A few months ago, we celebrated the 49th anniversary of Roe v. Wade. When I wrote that post, I still had hope that the right of anyone with a uterus had the right to decide their own fate. That hope died this morning.
By lunchtime, the federal government had washed its hands of the issue. It is now illegal to have an abortion in America. Each state can now decide if the procedure will be allowed and to what degree. In many states, this means that will be either completely against the law or limited to saving the life of the pregnant person.
American women are officially back in the dark ages, depending on where they live. Thankfully, both my home state of New York and New Jersey are among the handful of states that put the life of the pregnant person over politics. But not everyone is so lucky.
How many women will die from back-alley abortions or putting foreign objects in their bodies? How many females of any age will be forced to give birth to their rapist’s child or carry a dead fetus to term? How many women of color who are already living under hard conditions will have another proverbial plate spinning in the air?
The overturning of Roe is the beginning of a slippery slope. According to Judge Clarence Thomas (who I loathe with a passion), this decision opens the door to taking a second look at other rulings.
Justice Clarence Thomas argued in a concurring opinion released on Friday that the Supreme Court “should reconsider” its past rulings codifying rights to contraception access, same-sex relationships and same-sex marriage.
In a similar vein, Loving v. Virginia could also be overturned. That means that his marriage to the equally loathsome Ginni Thomas could be viewed as illegal.
If they thought we would go quietly into the night, they have another thing coming.
We can donate to pro-choice organizations (Planned Parenthood, NARAL, etc). We can march and let our voices be heard. We can vote in November and more importantly, vote blue. Though it is dark, the sun will rise again. We just need to fight for that sunrise.
P.S. Congress finally passed a gun control bill. It speaks volumes about this country that we confer more rights on a weapon than a living, breathing human being.
*For the foreseeable future, some Character Review posts may not be published every Thursday as they have in the past.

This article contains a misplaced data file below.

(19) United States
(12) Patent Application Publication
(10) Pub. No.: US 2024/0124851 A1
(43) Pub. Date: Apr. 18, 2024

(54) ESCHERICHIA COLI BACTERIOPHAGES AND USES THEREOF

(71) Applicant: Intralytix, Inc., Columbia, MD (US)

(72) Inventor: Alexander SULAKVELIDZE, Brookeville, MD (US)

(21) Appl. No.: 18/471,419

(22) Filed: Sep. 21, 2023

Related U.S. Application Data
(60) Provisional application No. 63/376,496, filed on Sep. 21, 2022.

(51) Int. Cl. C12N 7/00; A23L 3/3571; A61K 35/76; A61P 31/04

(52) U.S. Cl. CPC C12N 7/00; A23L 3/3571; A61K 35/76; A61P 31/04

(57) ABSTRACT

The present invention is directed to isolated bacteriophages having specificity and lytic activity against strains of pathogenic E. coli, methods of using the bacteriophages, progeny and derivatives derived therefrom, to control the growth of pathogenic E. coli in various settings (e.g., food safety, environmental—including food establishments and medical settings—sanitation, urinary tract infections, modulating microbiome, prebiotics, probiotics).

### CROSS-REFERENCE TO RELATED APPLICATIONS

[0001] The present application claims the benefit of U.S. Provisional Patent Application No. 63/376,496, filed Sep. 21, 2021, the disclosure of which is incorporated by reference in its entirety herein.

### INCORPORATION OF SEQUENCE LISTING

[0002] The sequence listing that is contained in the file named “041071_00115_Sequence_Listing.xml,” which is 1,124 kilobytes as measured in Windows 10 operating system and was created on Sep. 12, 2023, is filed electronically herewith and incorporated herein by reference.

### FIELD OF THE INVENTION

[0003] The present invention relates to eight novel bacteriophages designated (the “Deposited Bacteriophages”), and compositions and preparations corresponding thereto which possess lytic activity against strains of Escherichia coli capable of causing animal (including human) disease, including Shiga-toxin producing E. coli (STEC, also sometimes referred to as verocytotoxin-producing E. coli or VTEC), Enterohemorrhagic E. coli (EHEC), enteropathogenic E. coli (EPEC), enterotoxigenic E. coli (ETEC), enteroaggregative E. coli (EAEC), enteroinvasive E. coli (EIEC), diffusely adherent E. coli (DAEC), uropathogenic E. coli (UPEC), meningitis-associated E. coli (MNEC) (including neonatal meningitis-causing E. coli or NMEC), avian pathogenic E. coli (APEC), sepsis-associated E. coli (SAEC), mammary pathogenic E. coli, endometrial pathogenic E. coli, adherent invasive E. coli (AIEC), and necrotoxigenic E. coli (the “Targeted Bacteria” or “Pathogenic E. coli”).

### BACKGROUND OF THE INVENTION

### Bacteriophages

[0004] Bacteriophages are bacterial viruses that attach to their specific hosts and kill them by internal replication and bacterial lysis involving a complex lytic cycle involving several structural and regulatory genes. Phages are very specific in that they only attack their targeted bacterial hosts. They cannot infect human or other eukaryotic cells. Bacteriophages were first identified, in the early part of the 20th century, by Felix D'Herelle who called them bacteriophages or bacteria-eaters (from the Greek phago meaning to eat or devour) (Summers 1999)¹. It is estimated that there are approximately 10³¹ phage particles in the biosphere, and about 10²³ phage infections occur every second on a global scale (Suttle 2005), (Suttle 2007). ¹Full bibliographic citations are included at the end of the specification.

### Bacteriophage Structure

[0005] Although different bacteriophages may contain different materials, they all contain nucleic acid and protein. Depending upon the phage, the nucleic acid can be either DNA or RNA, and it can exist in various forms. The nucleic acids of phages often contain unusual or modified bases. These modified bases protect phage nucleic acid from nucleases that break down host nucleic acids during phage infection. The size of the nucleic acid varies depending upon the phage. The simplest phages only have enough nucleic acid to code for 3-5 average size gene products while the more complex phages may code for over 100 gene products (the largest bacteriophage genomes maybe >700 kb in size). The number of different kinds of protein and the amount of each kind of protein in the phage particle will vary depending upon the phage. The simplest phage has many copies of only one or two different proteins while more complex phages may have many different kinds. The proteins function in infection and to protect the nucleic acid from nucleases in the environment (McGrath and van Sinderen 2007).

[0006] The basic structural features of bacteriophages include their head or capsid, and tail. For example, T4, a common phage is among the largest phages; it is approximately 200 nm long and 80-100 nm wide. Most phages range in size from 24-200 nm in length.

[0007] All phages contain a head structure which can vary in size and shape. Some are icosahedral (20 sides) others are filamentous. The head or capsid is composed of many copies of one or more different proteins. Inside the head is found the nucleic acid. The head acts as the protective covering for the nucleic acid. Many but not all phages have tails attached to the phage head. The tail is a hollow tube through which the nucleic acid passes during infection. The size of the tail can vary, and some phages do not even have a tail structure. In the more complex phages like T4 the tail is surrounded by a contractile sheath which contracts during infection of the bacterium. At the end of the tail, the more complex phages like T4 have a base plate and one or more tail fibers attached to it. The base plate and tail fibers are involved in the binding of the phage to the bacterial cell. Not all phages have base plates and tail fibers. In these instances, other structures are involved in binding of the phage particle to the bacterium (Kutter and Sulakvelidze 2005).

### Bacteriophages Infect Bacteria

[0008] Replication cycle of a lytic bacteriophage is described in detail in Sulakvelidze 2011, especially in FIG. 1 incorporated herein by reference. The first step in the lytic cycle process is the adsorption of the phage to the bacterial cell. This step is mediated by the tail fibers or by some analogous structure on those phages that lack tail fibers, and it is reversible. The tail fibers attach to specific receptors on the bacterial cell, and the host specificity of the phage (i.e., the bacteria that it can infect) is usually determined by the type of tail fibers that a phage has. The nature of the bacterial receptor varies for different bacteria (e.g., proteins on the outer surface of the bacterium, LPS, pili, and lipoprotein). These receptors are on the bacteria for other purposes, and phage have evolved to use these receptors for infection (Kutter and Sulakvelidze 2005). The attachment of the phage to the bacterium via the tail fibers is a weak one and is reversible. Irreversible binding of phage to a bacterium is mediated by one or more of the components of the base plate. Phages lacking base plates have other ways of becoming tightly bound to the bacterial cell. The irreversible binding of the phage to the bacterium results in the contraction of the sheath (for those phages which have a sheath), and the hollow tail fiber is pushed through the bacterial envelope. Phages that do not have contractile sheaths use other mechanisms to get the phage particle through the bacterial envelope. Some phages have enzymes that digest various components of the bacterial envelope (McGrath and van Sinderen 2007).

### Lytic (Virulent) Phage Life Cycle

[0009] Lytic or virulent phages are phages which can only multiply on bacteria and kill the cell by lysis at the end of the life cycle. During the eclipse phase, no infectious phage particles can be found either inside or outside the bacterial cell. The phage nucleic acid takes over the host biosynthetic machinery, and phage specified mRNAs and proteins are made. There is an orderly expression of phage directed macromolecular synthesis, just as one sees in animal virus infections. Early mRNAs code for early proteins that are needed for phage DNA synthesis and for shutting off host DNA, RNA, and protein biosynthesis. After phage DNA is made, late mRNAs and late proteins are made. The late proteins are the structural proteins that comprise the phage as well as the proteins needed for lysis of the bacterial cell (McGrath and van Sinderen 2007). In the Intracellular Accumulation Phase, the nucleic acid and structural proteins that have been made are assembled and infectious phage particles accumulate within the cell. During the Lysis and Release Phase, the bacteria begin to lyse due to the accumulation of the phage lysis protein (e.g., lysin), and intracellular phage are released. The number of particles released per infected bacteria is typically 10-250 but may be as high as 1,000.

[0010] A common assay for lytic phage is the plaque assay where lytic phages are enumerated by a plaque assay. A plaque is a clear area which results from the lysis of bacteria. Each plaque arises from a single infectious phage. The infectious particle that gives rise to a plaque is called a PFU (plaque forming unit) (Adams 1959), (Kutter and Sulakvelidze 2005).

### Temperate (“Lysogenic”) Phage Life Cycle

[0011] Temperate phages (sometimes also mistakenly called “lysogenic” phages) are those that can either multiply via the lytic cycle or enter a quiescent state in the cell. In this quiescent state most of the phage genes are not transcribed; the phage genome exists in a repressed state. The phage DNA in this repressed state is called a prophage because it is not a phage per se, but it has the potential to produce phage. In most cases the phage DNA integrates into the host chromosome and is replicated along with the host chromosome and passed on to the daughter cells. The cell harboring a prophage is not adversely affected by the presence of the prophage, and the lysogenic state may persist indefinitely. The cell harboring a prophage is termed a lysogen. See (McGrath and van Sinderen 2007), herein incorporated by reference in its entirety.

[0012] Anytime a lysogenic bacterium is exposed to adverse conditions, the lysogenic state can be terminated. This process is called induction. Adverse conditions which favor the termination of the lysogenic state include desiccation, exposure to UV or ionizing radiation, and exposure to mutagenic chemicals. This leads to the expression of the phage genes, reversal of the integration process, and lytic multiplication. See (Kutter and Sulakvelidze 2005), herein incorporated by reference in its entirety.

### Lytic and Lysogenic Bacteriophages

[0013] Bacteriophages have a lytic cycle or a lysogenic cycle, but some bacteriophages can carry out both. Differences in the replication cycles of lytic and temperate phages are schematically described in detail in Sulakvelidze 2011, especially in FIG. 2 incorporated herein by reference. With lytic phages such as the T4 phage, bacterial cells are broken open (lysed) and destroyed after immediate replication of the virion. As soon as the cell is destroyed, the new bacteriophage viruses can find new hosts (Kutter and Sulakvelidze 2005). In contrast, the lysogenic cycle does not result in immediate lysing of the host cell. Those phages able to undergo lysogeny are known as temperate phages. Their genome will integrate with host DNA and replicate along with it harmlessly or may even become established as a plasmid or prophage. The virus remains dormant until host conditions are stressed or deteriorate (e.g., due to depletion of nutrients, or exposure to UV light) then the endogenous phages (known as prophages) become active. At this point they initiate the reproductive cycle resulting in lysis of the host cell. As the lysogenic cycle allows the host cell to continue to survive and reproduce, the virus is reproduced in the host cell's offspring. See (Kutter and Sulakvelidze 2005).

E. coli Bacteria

*Warning: This post contains spoilers about the characters from the television series The Jeffersons. Read at your own risk if you have not watched the show.
There is something to be said about a well-written, human character. They leap off the page and speak to us as if they were right in front of us, as flesh and blood human beings, instead of fictional creations. In 2021, it is not uncommon to see a mixed marriage in which one spouse has one skin color and the other spouse has another skin color. But it was not so long ago that it was illegal for an African-American and a Caucasian person to be married in the United States. The legal case of Loving v. Virginia is only 54 years old. On The Jeffersons, Tom and Helen Willis (Franklin Cover and Roxie Roker) were the first interracial married couple on television.
Tom is white and Helen is black. Their neighbor, George Jefferson (Sherman Hemsley) frequently mocks Tom for being white. Helen, who has become friends with George’s wife, Louise (Isabel Sanford), frequently has a smart comeback about George’s lack of height. After Tom and George become friends, the jokes switch to Tom’s weight. Tom and Helen have two children. Jenny, who looks like her mother, eventually marries George and Louise’s son, Lionel (Mike Evans/Damon Evans). Their son Allan (Andrew Harold Rubin/Jay Hammer), resembles his father and is frequently away from home.
Warning: the above video has the N word in it.
To sum it up: It is easy to love someone who is like you. It is harder to stay in love when your chosen partner/spouse is different and the people around you are not shy about pointing out those differences. But Tom and Helen make it work, proving that when you follow your heart and make a commitment, it is possible to stay together for what hopefully will be the rest of your lives.